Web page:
Screaming Inside

 

 

Rebbe Nachman of Breslov taught…

“Rebbe Nachman suggested a number of ways for opening Heaven’s gate, including: standard and spontaneous prayer; hitbodedut, his unique form of meditation; and the silent scream.”
(The Empty Chair*, p. 42)

 

What does this mean to me?
What is the “silent scream?” What does it accomplish, and how are we to do it? Rebbe Nachman said, “When do I have my personal hitbodedut? When everyone is around me, that’s when I seclude myself with G-d. I know how to cry out in a silent scream. What I say is heard from one end of the world to the other, yet those standing around me hear nothing at all!

“Anyone can do this. Imagine the sound of such a scream in your mind. Just as the throat brings sound from your lungs to your lips, there are nerves that draw sound into your head. When you do this, you are shouting inside your brain. Direct that shout to the One above and it will open Heaven’s gate.”

If I were to go out to the park to cry out to G-d, the neighbors might feel the need to call EMS! But when my cry is entirely internal, all of this pent-up energy goes into my scream inside. And as Rebbe Nachman explained, the entire action of crying out can be physically engaged internally; the only difference between it and an actual scream is the passage of air through the trachea. In a way, when the cry is entirely inside none of its energy is diffused into superficial displays. The only one to hear it is me…and the One above.

 

A prayer:

 

Master of the universe!
You listen to the anguished cries
and desperate wails
of every one of
Your beloved children.
You hear my incoherent cries,
You comprehend my jumbled words.
I try my best to reach You;
with my inadequate prayers
I call out to You,
and You understand.

(From The Gentle Weapon**, p. 23)

We encourage hearing your feedback and may anonymously publish your remarks. Please send email to: yehudis.golshevsky@breslov.org

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Your Comments:

In our opinion, respect precedes love. Love requires caring and acceptance of difference. We are married 66 + years only because we understand each other’s difference and respect that.
Thank you for the words of wisdom from the Rabbi. Meeting each other half way may occasionally require 1/4 or 3/4 way, but as long as the couple finds a satisfactory resolution to the difference that enables their love to surmount the conflict, then the relationship is safeguarded.
Shalom,
CF

Yasher Koyach for these wonderful emails.

The line of the Teffilah that says “spare me from the lies of my own illusions” is a very important request… Often times I find myself refraining from “running after the joker”, and thinking not only am I “ok” but even thinking I am growing. Yet in reality the reason I am not rushing and running after the joker is because rushing and running takes effort and it is stemming from laziness!
…I can’t think of a better prayer than to beg HKBH to spare me from the lies of my own illusions, and to help to look at myself and my actions truthfully…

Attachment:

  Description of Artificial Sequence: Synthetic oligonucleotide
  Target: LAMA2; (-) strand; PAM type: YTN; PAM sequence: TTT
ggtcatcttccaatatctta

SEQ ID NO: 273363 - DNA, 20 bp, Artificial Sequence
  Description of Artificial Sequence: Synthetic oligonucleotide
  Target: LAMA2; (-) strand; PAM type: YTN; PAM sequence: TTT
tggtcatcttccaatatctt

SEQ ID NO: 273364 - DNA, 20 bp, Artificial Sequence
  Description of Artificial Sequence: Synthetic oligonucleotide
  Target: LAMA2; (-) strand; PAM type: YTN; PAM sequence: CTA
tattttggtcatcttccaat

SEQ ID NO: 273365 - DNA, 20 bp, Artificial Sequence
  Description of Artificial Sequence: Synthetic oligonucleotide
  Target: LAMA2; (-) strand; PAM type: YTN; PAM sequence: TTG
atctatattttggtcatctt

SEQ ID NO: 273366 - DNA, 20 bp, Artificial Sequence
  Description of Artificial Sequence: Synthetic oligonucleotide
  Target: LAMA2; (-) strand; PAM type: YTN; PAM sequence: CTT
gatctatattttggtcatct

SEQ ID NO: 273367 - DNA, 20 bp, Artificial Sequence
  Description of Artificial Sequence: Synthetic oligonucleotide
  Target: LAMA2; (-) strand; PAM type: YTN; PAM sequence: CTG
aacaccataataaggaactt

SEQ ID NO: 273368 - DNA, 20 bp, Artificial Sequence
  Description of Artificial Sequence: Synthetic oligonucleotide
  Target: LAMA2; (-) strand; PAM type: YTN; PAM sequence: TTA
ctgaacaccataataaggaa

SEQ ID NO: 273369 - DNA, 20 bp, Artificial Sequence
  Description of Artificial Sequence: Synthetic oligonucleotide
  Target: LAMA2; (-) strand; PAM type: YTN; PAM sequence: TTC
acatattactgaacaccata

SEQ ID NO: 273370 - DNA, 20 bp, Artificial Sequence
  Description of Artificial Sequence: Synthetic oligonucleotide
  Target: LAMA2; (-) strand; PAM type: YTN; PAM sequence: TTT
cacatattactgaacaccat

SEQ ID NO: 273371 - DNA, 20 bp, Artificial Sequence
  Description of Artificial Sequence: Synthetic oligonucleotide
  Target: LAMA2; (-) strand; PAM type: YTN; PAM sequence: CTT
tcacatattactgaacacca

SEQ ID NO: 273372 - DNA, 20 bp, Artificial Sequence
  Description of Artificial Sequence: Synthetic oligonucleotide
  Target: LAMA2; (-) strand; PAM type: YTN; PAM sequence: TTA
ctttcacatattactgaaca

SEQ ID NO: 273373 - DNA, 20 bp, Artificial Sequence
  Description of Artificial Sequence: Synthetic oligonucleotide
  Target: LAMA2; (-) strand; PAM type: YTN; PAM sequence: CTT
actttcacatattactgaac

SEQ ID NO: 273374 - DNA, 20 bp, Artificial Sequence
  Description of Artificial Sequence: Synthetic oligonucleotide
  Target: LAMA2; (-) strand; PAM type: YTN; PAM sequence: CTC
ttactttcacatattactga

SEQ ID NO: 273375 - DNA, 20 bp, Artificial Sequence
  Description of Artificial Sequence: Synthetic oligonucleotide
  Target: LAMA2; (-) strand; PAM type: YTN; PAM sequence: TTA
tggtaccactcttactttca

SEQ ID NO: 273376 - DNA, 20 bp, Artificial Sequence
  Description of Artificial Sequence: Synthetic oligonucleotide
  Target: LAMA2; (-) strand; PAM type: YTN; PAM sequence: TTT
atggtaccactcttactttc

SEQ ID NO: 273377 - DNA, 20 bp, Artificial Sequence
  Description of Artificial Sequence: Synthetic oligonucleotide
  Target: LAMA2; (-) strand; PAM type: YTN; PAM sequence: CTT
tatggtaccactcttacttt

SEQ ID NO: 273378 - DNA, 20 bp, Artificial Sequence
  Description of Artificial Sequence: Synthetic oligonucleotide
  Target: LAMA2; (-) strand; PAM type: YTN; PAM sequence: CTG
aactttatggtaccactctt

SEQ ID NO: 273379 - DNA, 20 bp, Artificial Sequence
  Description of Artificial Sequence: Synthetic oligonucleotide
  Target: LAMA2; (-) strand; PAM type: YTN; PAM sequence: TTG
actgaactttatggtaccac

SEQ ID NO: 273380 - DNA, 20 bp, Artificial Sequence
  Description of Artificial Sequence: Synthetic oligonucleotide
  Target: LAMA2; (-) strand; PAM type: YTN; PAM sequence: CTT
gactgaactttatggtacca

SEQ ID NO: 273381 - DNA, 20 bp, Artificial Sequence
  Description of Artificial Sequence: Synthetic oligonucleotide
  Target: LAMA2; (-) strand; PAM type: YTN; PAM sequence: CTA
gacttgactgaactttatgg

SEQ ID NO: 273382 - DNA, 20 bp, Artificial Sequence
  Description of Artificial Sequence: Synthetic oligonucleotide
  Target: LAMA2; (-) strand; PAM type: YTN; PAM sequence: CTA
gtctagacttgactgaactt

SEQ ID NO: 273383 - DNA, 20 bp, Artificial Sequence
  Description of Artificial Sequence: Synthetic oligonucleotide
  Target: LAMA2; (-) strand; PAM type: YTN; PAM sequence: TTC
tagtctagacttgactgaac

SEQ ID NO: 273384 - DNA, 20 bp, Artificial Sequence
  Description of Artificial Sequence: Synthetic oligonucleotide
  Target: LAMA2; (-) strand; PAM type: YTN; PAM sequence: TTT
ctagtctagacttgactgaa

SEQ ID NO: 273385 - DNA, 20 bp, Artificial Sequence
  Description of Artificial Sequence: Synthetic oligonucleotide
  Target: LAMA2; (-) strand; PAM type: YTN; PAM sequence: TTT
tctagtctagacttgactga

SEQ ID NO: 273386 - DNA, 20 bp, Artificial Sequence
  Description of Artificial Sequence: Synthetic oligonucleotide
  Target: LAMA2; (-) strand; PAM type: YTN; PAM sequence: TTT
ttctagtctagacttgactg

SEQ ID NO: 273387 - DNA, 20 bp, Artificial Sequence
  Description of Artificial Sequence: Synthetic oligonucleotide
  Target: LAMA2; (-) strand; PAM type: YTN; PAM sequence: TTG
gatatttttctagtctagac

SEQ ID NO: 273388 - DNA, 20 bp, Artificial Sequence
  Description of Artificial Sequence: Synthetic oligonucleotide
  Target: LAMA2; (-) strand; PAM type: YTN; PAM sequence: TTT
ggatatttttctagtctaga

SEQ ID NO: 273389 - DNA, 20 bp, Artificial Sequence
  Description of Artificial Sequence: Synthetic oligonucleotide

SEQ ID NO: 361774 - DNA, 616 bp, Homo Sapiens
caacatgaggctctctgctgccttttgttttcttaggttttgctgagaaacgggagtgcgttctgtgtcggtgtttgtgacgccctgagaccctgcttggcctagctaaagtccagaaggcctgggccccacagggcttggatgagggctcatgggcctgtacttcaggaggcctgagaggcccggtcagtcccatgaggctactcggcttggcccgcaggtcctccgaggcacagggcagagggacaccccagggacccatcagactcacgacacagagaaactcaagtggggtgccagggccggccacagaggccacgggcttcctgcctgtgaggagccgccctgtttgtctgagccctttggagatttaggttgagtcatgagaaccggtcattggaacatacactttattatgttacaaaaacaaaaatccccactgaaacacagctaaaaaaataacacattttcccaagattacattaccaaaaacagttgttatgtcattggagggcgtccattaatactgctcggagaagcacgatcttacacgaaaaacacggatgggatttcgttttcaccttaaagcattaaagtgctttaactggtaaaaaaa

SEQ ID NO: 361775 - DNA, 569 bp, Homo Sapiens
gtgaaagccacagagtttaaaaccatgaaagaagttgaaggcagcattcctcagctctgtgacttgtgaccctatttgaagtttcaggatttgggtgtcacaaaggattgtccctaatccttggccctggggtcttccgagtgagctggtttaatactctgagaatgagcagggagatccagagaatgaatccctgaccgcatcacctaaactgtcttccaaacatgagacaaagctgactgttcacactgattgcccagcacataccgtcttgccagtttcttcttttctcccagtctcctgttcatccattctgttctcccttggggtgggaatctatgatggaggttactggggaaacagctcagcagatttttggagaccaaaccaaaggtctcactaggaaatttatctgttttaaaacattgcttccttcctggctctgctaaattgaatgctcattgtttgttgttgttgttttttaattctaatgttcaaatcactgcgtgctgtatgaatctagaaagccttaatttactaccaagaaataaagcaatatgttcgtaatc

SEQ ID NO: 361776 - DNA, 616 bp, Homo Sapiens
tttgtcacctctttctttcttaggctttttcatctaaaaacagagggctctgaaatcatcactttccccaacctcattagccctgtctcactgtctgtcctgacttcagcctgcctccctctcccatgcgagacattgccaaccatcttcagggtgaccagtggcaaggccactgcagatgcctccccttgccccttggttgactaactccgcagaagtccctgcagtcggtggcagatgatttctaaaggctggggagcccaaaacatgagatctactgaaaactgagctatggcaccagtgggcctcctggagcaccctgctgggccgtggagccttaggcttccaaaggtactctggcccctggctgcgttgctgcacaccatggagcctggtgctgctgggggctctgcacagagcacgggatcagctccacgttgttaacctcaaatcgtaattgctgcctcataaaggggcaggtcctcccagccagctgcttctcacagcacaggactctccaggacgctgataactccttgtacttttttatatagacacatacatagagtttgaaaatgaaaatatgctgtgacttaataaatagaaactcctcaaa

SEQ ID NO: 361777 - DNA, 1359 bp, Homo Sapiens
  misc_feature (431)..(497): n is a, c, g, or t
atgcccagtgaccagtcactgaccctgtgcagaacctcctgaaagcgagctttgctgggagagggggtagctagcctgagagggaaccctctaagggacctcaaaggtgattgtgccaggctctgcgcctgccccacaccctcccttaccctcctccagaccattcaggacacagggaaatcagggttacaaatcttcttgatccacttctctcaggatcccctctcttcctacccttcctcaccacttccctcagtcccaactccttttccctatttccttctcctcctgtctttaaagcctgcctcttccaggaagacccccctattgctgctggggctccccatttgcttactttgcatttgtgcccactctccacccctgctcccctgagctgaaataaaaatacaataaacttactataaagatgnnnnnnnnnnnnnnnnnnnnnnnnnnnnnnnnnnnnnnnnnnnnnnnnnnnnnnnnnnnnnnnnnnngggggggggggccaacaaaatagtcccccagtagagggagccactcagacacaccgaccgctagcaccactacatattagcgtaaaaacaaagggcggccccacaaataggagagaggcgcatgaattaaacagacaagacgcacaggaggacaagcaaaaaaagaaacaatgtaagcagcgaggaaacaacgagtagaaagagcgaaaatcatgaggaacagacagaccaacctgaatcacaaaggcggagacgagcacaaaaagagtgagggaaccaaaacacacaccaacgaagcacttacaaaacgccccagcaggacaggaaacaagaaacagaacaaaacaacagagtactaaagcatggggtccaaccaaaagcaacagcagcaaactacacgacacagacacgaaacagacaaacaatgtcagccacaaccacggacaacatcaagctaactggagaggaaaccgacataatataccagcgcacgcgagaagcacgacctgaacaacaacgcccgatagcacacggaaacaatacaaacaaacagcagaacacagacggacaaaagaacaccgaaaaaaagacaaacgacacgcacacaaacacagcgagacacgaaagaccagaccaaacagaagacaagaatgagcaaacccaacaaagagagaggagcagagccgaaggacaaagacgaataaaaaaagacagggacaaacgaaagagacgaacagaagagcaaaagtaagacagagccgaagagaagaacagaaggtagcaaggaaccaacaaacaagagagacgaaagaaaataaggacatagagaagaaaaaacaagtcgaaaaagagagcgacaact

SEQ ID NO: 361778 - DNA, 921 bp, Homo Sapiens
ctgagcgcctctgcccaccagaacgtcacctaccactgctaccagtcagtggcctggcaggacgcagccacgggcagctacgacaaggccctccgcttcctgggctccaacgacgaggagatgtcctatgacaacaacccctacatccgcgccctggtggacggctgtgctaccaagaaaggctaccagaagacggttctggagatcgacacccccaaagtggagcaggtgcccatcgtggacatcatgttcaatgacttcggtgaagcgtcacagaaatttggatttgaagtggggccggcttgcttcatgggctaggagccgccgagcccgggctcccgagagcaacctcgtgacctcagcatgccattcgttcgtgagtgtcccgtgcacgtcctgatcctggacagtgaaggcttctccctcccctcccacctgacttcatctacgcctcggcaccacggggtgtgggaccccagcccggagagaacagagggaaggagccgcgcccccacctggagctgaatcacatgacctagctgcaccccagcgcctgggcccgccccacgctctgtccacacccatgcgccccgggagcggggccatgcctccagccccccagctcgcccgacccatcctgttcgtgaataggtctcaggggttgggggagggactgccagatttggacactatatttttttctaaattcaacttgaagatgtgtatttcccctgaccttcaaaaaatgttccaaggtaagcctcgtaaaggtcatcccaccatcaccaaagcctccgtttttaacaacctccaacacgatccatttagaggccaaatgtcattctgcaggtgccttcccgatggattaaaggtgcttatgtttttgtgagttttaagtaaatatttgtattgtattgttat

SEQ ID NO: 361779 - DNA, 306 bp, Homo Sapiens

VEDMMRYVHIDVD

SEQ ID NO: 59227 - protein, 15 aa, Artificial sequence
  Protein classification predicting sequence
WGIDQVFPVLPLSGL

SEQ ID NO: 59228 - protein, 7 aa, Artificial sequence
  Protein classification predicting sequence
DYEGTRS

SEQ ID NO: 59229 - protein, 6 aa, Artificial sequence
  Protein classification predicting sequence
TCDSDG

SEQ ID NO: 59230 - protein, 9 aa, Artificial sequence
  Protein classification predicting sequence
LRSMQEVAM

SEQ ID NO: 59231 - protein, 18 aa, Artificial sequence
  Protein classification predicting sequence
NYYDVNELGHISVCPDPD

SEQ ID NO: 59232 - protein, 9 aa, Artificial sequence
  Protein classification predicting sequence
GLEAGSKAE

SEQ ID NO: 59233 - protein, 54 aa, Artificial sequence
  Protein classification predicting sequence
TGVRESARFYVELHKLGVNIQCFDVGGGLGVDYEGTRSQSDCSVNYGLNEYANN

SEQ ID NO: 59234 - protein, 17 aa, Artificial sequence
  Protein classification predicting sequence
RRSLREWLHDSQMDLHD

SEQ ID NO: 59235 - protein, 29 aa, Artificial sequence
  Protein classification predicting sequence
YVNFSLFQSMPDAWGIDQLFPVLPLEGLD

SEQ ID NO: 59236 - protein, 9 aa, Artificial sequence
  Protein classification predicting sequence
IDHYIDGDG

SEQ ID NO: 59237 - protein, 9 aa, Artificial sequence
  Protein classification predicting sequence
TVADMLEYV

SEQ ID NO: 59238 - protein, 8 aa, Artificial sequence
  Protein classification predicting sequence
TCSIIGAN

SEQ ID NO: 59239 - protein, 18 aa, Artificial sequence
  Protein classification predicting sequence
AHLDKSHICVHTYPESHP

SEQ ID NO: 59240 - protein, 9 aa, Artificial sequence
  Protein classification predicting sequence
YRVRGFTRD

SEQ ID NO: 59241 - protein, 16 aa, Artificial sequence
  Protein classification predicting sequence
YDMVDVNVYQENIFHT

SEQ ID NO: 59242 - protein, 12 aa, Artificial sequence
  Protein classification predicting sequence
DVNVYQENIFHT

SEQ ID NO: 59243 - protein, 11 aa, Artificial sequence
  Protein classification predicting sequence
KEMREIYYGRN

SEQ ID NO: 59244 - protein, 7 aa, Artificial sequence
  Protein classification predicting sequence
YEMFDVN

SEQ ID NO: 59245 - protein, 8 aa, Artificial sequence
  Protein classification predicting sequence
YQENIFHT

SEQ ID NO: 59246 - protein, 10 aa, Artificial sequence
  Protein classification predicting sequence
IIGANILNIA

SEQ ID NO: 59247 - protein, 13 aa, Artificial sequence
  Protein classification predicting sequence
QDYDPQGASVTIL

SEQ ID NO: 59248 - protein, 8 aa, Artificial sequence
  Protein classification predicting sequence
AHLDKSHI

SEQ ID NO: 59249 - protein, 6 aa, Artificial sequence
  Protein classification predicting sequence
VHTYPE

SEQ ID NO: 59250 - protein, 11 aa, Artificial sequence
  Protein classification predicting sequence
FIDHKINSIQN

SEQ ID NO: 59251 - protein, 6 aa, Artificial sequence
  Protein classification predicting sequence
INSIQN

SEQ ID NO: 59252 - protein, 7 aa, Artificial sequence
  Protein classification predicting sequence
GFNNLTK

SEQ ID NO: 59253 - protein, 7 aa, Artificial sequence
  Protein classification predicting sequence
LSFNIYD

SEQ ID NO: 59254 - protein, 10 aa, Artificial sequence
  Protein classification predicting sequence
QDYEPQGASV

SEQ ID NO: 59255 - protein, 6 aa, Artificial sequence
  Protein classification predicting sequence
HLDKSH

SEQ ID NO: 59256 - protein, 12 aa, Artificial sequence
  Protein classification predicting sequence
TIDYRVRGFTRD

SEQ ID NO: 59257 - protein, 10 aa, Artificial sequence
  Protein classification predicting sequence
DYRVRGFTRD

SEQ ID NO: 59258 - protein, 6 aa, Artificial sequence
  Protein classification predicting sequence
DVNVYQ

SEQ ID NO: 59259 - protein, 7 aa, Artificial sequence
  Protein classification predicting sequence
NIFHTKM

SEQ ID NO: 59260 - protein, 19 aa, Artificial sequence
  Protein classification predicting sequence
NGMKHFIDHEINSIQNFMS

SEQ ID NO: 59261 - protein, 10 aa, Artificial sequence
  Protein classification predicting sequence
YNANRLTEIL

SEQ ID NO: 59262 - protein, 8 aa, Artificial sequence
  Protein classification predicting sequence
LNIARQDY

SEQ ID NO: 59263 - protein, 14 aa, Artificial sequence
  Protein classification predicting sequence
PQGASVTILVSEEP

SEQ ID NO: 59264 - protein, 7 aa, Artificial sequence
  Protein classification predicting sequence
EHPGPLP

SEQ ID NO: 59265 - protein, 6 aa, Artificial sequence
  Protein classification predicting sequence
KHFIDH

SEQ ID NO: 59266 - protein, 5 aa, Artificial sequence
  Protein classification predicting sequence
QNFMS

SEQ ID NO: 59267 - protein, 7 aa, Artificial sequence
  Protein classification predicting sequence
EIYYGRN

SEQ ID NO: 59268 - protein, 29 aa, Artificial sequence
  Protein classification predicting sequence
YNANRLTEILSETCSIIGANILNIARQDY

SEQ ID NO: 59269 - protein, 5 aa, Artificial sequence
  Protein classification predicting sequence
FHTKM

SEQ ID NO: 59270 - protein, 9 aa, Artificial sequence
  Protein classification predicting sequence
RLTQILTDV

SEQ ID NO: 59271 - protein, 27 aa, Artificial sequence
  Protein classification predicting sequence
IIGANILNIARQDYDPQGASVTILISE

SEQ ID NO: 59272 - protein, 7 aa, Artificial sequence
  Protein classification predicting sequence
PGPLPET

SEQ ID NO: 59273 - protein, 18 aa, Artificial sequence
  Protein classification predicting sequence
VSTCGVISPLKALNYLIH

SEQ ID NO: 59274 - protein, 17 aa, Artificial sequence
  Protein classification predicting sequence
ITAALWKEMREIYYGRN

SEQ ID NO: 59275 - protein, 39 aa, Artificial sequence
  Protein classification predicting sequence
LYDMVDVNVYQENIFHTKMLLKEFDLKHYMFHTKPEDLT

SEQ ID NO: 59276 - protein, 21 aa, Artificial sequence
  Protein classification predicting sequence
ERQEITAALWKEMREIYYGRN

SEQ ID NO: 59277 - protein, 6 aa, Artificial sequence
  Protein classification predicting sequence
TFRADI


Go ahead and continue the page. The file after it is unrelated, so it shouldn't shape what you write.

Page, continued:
Thank you for helping me focus on this and for reminding me to beg HKBH for the merit to see the truth in my actions and the lie of the joker!
A.

Thanks for sharing these wonderful words of wisdom from Rebbe Nachman, and I so appreciate the “what does this mean to me” portion. It filters the rebbe’s words to something that is more easily understood by “us moderns.”
AM

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*“The Empty Chair: Finding Hope and Joy – Timeless Wisdom from a Hasidic Master, Rebbe Nachman of Breslov” by Rebbe Nachman of Breslov, Adapted by Moshe Mykoff and The Breslov Research Institute, 1994. Permission granted by Jewish Lights Publishing, Woodstock, VT, www.jewishlights.com.

**“The Gentle Weapon: Prayers for Everyday and Not-So-Everyday Moments – Timeless Wisdom from the Teachings of the Hasidic Master, Rebbe Nachman of Breslov” by Rebbe Nachman of Breslov, Adapted by Moshe Mykoff & S.C. Mizrahi with the Breslov Research Institute, 1999.  Permission granted by Jewish Lights Publishing, Woodstock, VT, www.jewishlights.com.

 

©2013 Breslov Research Institute | POB 587 Monsey, NY 10952-0587

 

Author: Yehudis Golshevsky

Yehudis in her own words: When I first began learning Rebbe Nachman’s teachings with my husband and other teachers, I felt as though I had come home to the personal and vital relationship with G-d that I’d always sought. Today, a large part of my inspiration comes from helping other Jewish women discover their own spiritual potential through the meaningful teachings of Breslov Chassidut. Yehudis Golshevsky has been teaching Torah classes to women and working in Torah publishing for nearly twenty years. She’s a graduate of Yavne Teacher’s Seminary in Cleveland and holds a degree in Judaic Studies from SUNY at Buffalo. Currently, Yehudis is a contributor to Breslov.org and “Pathways”, the Breslov Research Institute’s weekly publication. Since 2006, she’s been taking women’s groups to Uman and other sites in Ukraine for prayer and study. Yehudis lives with her family in Jerusalem.

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